Brick children’s rights

February 15, 2016

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THE PUNJAB Prohibition of Child Labour at Brick Kilns Ordinance 2016, promulgated last month forbids hiring children below 14 years of age. It also regulates the employment of adults by requiring written contracts which can be terminated by either party.

The ordinance requires brick kiln owners to provide written contract to every worker specifying wages, amount of advance (peshgi) and schedule for its return. It limits the amount of advance to the maximum of six times of the wages of a worker for one wage period (time- rated or piece rated). The brick kiln owner or occupier is also required to send a copy of the contract to the labour inspector of the area.

The Labour and Human Resource Department has set up a free helpline (0800-55444) for lodging complaints about child labour at brick kilns. The department has indicated that 17,240 labourers were residing at 6,090 kilns in Punjab and the number of children (from five years to 14 years) not attending school was 23,642 of which 22,368 were provided admissions to schools located near the kilns. Nearly 201 kilns have been sealed on violation of provisions of the ordinance.

However, the ordinance does not conform to the ILO core conventions 138 and 182 on child labour (both ratified by Pakistan) and has same issues as Employment of Children Act 1991 (adopted by Punjab in 2011). The working hours need to be set for school going children of brick kiln workers (eg two-three hours per day for children aged 12 years and above) after school hours by specifying ‘light work’ as required under the ILO Convention 138.


Laws cannot have contradictory provisions: requiring compulsory education while allowing children to engage in full-time jobs before they complete compulsory education


The brick making process can be hazardous as it involves not only preparing the clay or moulding the clay into balls but also firing the bricks, so the minimum age for a full-time job at a kiln must be raised to 16 years in line with the provisions of Article 25-A of the Constitution and the corresponding law ‑ Punjab Free And Compulsory Education Act 2014.

Also, the ordinance should have specified the minimum age for certain activities considered hazardous as 18 years. It must also be named the activities and areas, which may be allowed, with proper protections, for persons over the age of 16 years at a kiln.

By restricting minimum age for compulsory education at 16 years, the government is inducing children to take up jobs and leave education.

The provincial government has also announced a special package for education of children working at kilns. Besides free education, a monthly stipend of Rs1,000 will be given to every child going to school whereas an annual stipend of Rs2,000 will be paid to parents on admission of children to schools.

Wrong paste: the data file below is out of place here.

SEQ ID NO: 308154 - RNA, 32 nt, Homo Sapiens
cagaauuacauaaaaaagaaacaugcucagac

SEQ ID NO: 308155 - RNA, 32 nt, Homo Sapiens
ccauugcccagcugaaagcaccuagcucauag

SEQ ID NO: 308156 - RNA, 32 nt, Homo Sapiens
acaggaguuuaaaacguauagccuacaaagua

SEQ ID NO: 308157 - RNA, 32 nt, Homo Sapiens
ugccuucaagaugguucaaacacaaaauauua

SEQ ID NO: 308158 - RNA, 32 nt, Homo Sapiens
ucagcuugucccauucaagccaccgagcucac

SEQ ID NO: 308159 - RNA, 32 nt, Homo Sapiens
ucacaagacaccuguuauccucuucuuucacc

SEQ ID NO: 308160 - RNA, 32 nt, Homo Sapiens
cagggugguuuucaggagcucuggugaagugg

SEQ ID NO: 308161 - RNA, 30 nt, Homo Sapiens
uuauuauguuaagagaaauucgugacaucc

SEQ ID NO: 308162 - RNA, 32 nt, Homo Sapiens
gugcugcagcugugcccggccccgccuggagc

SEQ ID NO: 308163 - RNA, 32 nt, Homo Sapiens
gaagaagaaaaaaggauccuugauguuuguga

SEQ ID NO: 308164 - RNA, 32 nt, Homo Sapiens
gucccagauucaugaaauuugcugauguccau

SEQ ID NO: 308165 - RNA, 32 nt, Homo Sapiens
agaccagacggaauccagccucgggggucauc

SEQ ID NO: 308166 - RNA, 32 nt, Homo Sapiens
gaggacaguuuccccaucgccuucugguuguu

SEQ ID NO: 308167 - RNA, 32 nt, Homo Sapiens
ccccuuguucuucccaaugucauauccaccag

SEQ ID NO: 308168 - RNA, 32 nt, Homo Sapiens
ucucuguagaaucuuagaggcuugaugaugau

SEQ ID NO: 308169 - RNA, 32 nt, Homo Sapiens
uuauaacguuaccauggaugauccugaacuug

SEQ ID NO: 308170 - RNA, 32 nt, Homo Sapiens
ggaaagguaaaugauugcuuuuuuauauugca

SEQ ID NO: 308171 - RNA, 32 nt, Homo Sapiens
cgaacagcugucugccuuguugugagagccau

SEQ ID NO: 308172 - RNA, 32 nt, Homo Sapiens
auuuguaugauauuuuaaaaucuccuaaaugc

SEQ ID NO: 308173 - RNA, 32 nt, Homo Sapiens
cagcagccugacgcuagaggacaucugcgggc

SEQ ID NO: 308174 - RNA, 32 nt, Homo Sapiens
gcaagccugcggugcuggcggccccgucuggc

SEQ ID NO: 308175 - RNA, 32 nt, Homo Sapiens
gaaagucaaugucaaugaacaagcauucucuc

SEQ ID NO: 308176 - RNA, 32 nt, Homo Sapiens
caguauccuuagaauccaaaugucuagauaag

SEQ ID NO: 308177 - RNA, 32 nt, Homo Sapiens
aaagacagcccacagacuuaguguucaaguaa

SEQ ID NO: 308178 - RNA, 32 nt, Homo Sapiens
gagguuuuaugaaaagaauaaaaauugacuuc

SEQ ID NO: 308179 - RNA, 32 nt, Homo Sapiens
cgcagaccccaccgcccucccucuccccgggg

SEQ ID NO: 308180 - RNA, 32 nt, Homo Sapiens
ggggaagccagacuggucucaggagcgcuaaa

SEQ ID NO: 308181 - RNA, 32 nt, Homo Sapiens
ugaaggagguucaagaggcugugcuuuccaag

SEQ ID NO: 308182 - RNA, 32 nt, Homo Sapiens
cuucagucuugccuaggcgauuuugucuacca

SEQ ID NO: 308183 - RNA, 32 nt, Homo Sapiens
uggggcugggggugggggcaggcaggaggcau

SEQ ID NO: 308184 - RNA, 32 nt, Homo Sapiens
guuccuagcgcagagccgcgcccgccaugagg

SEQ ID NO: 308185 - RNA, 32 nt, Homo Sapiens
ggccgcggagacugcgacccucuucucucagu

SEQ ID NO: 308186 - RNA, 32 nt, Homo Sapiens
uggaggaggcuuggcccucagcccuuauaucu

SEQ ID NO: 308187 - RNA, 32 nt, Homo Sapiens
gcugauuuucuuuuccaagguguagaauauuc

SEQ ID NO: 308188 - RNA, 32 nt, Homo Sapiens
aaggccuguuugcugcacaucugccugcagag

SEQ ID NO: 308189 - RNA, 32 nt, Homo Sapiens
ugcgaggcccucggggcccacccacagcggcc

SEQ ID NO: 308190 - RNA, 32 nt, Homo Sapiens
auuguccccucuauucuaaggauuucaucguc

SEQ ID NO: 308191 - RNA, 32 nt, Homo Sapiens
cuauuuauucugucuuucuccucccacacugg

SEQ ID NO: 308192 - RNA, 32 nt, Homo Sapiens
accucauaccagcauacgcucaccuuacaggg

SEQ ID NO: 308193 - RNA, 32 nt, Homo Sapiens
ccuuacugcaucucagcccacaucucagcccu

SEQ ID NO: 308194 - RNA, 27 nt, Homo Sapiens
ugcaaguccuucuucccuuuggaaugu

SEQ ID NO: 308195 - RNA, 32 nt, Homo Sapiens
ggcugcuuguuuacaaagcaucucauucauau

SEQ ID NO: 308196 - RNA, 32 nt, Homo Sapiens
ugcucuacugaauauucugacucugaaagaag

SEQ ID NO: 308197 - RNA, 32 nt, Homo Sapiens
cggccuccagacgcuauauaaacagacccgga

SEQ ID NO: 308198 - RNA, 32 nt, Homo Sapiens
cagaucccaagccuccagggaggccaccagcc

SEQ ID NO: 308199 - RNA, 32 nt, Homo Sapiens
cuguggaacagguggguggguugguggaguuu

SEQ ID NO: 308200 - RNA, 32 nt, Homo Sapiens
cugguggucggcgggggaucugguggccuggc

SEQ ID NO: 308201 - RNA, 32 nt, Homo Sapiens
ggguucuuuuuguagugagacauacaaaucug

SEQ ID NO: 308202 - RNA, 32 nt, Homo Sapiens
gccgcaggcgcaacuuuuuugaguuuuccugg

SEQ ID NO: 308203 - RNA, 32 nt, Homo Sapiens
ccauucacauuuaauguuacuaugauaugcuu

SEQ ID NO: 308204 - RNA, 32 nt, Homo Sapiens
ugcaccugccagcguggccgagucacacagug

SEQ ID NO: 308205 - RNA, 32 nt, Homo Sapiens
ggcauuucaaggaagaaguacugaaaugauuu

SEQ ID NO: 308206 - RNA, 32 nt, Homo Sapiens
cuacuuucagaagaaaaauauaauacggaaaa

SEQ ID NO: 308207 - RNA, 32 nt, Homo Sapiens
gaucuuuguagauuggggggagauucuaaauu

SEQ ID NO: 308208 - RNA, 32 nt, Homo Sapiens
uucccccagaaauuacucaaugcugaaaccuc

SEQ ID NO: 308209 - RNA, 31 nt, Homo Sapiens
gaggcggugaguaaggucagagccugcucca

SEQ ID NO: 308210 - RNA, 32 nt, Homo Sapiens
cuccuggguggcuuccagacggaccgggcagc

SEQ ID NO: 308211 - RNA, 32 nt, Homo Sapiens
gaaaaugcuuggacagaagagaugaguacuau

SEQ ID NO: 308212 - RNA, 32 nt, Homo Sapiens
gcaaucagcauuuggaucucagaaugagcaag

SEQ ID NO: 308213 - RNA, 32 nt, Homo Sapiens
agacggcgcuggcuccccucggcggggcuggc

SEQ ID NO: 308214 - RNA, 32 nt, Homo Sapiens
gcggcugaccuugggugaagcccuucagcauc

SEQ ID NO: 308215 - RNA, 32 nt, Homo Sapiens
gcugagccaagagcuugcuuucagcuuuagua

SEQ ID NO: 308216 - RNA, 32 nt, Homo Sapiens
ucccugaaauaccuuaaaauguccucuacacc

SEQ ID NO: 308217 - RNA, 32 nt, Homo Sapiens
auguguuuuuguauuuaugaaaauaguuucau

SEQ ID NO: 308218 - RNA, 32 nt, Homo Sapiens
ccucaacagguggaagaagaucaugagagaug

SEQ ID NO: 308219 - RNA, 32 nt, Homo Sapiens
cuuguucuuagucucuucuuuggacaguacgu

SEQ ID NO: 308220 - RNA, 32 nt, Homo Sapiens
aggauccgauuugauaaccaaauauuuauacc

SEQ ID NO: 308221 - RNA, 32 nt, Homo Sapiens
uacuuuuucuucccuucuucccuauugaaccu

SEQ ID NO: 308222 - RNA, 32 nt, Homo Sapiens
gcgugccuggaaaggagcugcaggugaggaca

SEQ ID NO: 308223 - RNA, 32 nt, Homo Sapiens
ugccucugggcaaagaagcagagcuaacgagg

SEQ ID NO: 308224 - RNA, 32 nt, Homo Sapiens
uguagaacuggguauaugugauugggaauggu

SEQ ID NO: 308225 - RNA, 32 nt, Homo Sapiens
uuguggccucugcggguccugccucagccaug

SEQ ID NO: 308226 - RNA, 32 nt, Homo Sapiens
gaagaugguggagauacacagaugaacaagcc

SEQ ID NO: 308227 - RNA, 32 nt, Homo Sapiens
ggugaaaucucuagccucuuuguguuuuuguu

The Punjab Education Foundation (PEF) has launched a programme to provide free education (including free uniform and shoes) to children of brick kiln workers through its partner schools.

Kiln owners are also required to get workers registered with the social security department and Employees’ Old Age Benefits Institution.

The objective is to effectively deal with the root cause of slipping into bonded labour by reducing vulnerabilities of workers’ families.

The Supreme Court’s order of July 2013 had directed the Punjab government to register brick kiln workers for social security and the kiln owners to contribute 6pc of workers’ wages to the social security department. The registration entitles workers and their family members to health care and medical facilities, including hospitalisation, by the Employees’ Social Security Institution, and to get treatment for family members in case of injury and compensation for death at work.

It seems that now convictions against violation of law will easily be obtained since the inspectors notified under the ordinance are district management and police officials. This will help curbing the menace of bonded labour. It is relevant to mention that no conviction has been secured under the Bonded Labour System Abolition Act 1992 during the last 23 years due to complexity of its working.

Since this ordinance is promulgated initially for 90 days, it is necessary that the required amendments may be included in the bill to be placed before the Punjab Assembly for enactment of law.

Laws cannot have contradictory provisions: requiring compulsory education while allowing children to engage in full-time jobs before they complete compulsory education.

The writer works as a labour specialist with the Wage Indicator Foundation.

ia72@cornell.edu

Published in Dawn, Business & Finance weekly, February 15th, 2016